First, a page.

Re: [CR]Preserving older clinchers

(Example: Framebuilders:Norman Taylor)

From: "David Snyder" <dddd@pacbell.net>
To: "Classic Rendezvous" <classicrendezvous@bikelist.org>
References: <E1Hx7fk-0003Nl-32@elasmtp-dupuy.atl.sa.earthlink.net>
Subject: Re: [CR]Preserving older clinchers
Date: Sat, 9 Jun 2007 20:21:02 -0800
reply-type=response

There are several age-related forms of deterioration in tires, but as far as protecting exposed (i.e. mounted) tires from suffering tread cracking and sidewall rubber "evaporation", the most important thing is to keep the bike indoors.

The less exposure to outside air, the longer the tires will remain in good shape. An indoor closet is almost as good as a plastic bag because still air in the closet (or any well-sealed room) has had a chance to deposit nearly all of it's ozone onto fabrics, carpet, etc., keeping the concentration of this chemically-active O3 molecule very low, and thus protecting your tires. The opposite situation, up on a roof rack or in a breezy garage, ages tires at an alarming rate with, or without, direct sunlight.

Another inescapable effect of aging is the weakening of the bond between plies, resulting in the familiar diagonal bulge-out when the overlapping plies de-laminate. I don't know if atmospheric ozone is involved in this breakdown, but there are several different polymers used in a typical clincher, which each containing it's own plasticizer (oils added for increased pliability). Plasticizers leaching out over time into the adjacent materials may affect the properties of each material: tread, sidewall rubber, casing and the bonding agent between plies.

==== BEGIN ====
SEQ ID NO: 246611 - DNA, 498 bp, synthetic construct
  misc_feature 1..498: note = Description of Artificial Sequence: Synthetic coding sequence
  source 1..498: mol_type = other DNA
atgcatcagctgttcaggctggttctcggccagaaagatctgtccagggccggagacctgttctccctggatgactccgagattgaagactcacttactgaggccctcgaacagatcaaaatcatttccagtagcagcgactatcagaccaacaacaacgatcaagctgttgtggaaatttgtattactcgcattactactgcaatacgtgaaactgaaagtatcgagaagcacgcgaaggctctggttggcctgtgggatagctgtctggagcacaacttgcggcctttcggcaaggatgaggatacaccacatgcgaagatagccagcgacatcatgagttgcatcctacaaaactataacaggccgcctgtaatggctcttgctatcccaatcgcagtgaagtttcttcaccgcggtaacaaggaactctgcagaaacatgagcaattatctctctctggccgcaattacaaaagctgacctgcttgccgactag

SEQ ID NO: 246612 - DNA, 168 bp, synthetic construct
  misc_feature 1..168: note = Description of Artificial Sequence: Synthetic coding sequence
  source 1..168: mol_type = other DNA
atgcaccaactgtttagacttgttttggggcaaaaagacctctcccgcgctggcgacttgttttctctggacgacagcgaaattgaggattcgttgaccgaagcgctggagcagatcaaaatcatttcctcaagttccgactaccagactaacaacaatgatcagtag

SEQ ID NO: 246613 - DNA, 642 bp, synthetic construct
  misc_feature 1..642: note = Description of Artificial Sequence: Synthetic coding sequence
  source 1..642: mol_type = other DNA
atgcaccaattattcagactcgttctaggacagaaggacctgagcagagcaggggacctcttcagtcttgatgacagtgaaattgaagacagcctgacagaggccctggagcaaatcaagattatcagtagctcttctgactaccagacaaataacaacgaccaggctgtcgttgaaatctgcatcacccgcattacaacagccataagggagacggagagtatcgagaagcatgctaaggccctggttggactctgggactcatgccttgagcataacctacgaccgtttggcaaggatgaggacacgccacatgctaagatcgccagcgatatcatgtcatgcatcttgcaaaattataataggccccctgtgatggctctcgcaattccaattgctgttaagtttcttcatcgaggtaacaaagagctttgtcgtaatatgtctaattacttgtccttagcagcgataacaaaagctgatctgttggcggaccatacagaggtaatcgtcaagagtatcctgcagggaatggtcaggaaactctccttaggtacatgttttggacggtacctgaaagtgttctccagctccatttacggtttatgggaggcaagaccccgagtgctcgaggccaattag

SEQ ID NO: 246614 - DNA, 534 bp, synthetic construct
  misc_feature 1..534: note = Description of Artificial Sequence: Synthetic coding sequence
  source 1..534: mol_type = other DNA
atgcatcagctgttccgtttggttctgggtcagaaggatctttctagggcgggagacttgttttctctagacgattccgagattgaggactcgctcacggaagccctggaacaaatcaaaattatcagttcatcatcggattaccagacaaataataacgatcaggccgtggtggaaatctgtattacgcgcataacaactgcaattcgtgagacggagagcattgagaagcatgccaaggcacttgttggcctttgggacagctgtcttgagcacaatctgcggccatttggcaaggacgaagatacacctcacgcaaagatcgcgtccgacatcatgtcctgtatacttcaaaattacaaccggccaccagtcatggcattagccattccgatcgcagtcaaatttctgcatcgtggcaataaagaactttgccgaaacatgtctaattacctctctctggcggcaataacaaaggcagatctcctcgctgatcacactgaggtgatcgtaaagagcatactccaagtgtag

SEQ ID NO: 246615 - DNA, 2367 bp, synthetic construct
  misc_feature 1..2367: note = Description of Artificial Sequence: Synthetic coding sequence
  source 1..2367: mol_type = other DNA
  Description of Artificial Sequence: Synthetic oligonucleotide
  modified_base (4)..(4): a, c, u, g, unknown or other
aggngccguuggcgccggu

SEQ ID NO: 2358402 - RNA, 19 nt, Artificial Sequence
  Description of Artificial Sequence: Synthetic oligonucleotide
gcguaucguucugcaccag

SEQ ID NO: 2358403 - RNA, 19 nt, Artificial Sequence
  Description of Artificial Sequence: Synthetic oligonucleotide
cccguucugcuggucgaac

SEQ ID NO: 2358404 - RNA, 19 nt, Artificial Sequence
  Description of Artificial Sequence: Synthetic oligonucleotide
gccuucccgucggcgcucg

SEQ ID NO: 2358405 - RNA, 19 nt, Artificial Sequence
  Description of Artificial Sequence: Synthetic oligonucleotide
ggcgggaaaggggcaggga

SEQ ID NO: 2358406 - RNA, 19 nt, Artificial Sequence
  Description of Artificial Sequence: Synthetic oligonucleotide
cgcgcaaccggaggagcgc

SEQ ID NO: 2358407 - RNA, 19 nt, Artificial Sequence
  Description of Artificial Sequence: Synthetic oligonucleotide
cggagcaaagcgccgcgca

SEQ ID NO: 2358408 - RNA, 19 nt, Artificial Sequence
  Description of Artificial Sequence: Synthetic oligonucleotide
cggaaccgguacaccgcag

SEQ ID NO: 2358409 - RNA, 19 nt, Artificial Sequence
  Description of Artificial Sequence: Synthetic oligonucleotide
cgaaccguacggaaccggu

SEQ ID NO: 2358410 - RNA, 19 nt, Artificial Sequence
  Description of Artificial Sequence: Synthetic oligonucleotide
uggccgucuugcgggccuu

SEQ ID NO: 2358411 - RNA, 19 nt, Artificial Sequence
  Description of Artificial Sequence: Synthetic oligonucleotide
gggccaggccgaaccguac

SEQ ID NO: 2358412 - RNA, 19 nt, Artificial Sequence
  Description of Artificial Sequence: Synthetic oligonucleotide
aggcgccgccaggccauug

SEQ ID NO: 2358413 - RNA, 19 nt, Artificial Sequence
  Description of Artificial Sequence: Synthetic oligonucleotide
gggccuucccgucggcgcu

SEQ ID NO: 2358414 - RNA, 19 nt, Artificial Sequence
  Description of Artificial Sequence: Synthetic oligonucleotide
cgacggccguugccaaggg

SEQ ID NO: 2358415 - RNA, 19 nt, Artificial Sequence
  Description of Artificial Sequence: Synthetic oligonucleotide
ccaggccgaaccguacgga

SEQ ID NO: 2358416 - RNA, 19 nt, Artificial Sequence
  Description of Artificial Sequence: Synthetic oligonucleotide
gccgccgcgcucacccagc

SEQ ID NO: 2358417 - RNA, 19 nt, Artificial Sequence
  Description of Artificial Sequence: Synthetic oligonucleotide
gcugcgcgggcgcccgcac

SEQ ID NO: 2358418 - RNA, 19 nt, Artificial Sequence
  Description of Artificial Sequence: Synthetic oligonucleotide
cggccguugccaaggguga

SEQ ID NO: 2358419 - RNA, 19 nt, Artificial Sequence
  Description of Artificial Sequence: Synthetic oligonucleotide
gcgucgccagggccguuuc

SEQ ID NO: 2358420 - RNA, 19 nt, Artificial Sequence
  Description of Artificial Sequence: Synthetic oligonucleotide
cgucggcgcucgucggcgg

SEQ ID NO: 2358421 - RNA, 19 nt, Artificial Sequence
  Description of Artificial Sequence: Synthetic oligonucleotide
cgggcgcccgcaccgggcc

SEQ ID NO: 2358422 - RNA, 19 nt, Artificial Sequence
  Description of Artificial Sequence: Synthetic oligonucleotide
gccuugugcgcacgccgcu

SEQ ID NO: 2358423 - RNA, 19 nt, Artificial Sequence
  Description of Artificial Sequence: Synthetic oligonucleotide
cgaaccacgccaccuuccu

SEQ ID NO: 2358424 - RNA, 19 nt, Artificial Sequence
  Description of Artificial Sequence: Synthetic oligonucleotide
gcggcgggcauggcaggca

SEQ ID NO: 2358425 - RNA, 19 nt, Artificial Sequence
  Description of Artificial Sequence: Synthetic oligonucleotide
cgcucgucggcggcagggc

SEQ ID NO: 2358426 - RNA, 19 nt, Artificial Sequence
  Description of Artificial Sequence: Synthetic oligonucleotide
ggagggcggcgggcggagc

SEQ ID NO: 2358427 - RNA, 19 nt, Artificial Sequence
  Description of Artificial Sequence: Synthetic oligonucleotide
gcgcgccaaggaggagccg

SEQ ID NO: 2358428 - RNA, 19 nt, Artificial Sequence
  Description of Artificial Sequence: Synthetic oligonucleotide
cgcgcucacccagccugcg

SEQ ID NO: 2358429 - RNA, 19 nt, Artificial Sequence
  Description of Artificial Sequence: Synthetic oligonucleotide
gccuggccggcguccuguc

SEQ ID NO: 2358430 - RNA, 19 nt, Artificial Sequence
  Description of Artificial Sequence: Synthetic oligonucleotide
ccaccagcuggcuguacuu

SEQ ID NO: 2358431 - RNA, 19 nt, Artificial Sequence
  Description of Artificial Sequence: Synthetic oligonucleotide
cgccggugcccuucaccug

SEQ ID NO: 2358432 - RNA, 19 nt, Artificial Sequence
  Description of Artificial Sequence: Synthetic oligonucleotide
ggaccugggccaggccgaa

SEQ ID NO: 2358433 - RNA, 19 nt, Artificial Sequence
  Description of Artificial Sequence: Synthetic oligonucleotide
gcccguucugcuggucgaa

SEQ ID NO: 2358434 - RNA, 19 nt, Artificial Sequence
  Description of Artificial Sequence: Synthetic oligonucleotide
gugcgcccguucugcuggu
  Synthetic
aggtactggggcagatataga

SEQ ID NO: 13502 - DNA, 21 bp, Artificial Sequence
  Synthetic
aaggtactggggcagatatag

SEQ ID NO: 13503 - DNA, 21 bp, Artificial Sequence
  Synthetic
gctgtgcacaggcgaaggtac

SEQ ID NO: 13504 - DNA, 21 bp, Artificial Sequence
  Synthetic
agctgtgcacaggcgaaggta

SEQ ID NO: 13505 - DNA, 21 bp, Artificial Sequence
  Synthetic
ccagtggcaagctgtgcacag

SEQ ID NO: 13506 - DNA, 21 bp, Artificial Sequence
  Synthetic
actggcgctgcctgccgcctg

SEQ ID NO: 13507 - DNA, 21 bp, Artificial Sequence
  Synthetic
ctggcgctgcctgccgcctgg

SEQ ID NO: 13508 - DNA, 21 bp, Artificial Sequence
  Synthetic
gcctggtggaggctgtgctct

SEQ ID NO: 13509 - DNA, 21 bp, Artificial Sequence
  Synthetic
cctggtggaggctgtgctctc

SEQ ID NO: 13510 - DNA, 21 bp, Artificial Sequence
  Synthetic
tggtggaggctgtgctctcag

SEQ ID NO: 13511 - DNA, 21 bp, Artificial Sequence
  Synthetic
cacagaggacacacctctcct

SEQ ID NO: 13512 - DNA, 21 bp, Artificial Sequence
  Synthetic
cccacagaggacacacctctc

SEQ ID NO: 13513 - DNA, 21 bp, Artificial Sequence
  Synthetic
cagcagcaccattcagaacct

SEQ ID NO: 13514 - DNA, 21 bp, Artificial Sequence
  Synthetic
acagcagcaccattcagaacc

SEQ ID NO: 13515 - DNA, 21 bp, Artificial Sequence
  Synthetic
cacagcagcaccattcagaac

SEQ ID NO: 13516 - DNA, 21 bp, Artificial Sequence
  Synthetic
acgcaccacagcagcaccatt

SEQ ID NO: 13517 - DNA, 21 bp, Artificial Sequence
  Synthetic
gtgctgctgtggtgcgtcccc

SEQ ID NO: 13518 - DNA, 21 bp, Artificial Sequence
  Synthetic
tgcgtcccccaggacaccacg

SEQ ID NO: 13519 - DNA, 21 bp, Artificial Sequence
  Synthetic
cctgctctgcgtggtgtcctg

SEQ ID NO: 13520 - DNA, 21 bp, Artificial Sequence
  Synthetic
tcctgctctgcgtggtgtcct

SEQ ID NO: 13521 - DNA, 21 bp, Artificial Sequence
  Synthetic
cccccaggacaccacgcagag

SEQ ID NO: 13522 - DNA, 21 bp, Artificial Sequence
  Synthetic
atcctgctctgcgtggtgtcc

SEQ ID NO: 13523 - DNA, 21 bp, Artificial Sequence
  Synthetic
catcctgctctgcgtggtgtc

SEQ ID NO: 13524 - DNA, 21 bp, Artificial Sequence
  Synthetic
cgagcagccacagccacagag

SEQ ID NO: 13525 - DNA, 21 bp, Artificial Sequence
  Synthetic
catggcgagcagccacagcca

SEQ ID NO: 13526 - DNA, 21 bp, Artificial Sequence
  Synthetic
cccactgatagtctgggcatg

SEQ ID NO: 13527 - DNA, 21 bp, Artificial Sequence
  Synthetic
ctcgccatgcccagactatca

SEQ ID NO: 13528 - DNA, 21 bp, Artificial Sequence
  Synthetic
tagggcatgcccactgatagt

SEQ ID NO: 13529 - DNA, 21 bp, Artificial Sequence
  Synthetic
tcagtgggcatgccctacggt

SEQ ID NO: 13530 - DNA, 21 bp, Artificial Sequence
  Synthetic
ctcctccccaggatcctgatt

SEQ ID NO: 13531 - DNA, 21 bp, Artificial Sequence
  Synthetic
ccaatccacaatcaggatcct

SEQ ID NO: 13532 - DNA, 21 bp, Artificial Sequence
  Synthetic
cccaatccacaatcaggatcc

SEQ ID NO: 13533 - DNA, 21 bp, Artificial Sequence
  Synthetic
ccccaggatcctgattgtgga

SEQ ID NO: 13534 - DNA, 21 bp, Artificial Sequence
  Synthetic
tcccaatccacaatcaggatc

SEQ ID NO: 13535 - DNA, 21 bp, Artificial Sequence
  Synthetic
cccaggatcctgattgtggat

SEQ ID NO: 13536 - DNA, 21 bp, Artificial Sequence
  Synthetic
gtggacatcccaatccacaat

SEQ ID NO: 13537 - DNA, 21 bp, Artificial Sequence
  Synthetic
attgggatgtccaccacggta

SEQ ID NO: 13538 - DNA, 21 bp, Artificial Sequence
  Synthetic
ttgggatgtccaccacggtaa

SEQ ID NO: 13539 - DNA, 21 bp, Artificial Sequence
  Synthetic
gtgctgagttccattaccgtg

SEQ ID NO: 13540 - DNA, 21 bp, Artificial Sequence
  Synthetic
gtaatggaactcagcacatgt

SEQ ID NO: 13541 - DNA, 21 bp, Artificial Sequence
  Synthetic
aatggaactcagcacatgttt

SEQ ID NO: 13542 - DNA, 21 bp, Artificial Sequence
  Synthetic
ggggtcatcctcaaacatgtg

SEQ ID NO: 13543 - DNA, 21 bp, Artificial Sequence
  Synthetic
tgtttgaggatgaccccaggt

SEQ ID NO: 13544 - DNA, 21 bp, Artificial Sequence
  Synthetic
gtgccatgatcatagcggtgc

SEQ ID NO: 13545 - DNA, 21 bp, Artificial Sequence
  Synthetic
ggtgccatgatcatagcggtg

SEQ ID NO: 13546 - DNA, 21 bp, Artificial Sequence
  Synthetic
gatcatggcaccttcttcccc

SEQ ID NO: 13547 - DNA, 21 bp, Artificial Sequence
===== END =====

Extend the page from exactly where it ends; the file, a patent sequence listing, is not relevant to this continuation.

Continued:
Lastly, humidity is known to readily permeate most polymers and often has a deleterious effect on the material over time.

I face the same problem storing high-quality 27" tires, not knowing which tire will be the next one for which production ceases. 1-1/8" tires measuring 25mm (mounted) are my choice for half the bikes I own. Cheng-Shin C-732 is a decent, traditional, very low cost alternative retailing for about $10 and being molded much like a gumwall but without such thick rubber on the sidewalls. Weight is 290g or so.

David Snyder
Auburn, CA usa


----- Original Message -----
From: "Mark Stonich"
Subject: [CR]Preserving older clinchers



> Anyone have any tips for preserving older clinchers? Armorall?
>
> I've stored tires in black plastic bags with good result. But now I have
> a set of 10 year old Continentals (brown sidewalls) I love, but they're on
> a bike that doesn't get many miles. I'd hate to see them deteriorate
> before I can wear them out, and they're on the only bike they fit.

>

> Mark Stonich;